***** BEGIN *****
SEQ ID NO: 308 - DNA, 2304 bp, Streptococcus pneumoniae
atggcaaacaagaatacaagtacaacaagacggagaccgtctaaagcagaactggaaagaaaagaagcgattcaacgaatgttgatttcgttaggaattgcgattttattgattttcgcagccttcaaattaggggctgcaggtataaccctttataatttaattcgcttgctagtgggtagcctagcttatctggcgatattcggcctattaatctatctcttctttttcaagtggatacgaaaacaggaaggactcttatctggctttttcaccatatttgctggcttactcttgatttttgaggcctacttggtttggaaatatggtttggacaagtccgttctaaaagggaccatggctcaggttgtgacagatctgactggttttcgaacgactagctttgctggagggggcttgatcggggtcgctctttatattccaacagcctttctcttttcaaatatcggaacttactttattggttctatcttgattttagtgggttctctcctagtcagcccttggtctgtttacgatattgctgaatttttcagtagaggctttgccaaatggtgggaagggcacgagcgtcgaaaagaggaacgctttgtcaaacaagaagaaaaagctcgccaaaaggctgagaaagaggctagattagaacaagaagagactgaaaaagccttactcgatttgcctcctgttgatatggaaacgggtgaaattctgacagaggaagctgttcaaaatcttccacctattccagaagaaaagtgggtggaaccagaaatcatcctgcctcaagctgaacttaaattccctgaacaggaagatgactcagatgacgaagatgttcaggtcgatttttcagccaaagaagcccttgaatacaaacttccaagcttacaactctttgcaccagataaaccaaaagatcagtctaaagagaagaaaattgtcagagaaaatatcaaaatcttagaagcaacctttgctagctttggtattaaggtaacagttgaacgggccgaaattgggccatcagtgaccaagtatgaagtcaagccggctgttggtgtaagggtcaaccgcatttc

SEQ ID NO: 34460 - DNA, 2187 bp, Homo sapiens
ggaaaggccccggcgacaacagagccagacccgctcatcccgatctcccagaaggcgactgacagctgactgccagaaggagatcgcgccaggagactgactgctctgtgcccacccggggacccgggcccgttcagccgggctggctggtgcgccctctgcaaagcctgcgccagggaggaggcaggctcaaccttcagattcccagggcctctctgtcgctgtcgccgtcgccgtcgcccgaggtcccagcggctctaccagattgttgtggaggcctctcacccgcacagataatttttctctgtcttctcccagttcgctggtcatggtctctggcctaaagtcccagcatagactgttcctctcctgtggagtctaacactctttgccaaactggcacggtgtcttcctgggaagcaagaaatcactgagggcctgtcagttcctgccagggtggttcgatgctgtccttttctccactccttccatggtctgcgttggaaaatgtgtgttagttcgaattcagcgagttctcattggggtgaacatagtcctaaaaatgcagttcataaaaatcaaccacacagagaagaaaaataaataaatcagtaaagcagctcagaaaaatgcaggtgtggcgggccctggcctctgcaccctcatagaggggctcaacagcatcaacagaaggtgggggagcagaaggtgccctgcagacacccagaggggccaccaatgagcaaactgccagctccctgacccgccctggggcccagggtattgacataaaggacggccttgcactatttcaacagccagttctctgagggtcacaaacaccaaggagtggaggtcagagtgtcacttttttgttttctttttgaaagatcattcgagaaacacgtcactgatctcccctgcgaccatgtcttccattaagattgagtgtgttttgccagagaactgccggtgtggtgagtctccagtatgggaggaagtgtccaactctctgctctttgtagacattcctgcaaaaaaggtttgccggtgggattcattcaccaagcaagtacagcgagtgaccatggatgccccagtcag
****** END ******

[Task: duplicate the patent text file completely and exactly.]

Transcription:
SEQ ID NO: 308 - DNA, 2304 bp, Streptococcus pneumoniae
atggcaaacaagaatacaagtacaacaagacggagaccgtctaaagcagaactggaaagaaaagaagcgattcaacgaatgttgatttcgttaggaattgcgattttattgattttcgcagccttcaaattaggggctgcaggtataaccctttataatttaattcgcttgctagtgggtagcctagcttatctggcgatattcggcctattaatctatctcttctttttcaagtggatacgaaaacaggaaggactcttatctggctttttcaccatatttgctggcttactcttgatttttgaggcctacttggtttggaaatatggtttggacaagtccgttctaaaagggaccatggctcaggttgtgacagatctgactggttttcgaacgactagctttgctggagggggcttgatcggggtcgctctttatattccaacagcctttctcttttcaaatatcggaacttactttattggttctatcttgattttagtgggttctctcctagtcagcccttggtctgtttacgatattgctgaatttttcagtagaggctttgccaaatggtgggaagggcacgagcgtcgaaaagaggaacgctttgtcaaacaagaagaaaaagctcgccaaaaggctgagaaagaggctagattagaacaagaagagactgaaaaagccttactcgatttgcctcctgttgatatggaaacgggtgaaattctgacagaggaagctgttcaaaatcttccacctattccagaagaaaagtgggtggaaccagaaatcatcctgcctcaagctgaacttaaattccctgaacaggaagatgactcagatgacgaagatgttcaggtcgatttttcagccaaagaagcccttgaatacaaacttccaagcttacaactctttgcaccagataaaccaaaagatcagtctaaagagaagaaaattgtcagagaaaatatcaaaatcttagaagcaacctttgctagctttggtattaaggtaacagttgaacgggccgaaattgggccatcagtgaccaagtatgaagtcaagccggctgttggtgtaagggtcaaccgcatttc

SEQ ID NO: 34460 - DNA, 2187 bp, Homo sapiens
ggaaaggccccggcgacaacagagccagacccgctcatcccgatctcccagaaggcgactgacagctgactgccagaaggagatcgcgccaggagactgactgctctgtgcccacccggggacccgggcccgttcagccgggctggctggtgcgccctctgcaaagcctgcgccagggaggaggcaggctcaaccttcagattcccagggcctctctgtcgctgtcgccgtcgccgtcgcccgaggtcccagcggctctaccagattgttgtggaggcctctcacccgcacagataatttttctctgtcttctcccagttcgctggtcatggtctctggcctaaagtcccagcatagactgttcctctcctgtggagtctaacactctttgccaaactggcacggtgtcttcctgggaagcaagaaatcactgagggcctgtcagttcctgccagggtggttcgatgctgtccttttctccactccttccatggtctgcgttggaaaatgtgtgttagttcgaattcagcgagttctcattggggtgaacatagtcctaaaaatgcagttcataaaaatcaaccacacagagaagaaaaataaataaatcagtaaagcagctcagaaaaatgcaggtgtggcgggccctggcctctgcaccctcatagaggggctcaacagcatcaacagaaggtgggggagcagaaggtgccctgcagacacccagaggggccaccaatgagcaaactgccagctccctgacccgccctggggcccagggtattgacataaaggacggccttgcactatttcaacagccagttctctgagggtcacaaacaccaaggagtggaggtcagagtgtcacttttttgttttctttttgaaagatcattcgagaaacacgtcactgatctcccctgcgaccatgtcttccattaagattgagtgtgttttgccagagaactgccggtgtggtgagtctccagtatgggaggaagtgtccaactctctgctctttgtagacattcctgcaaaaaaggtttgccggtgggattcattcaccaagcaagtacagcgagtgaccatggatgccccagtcag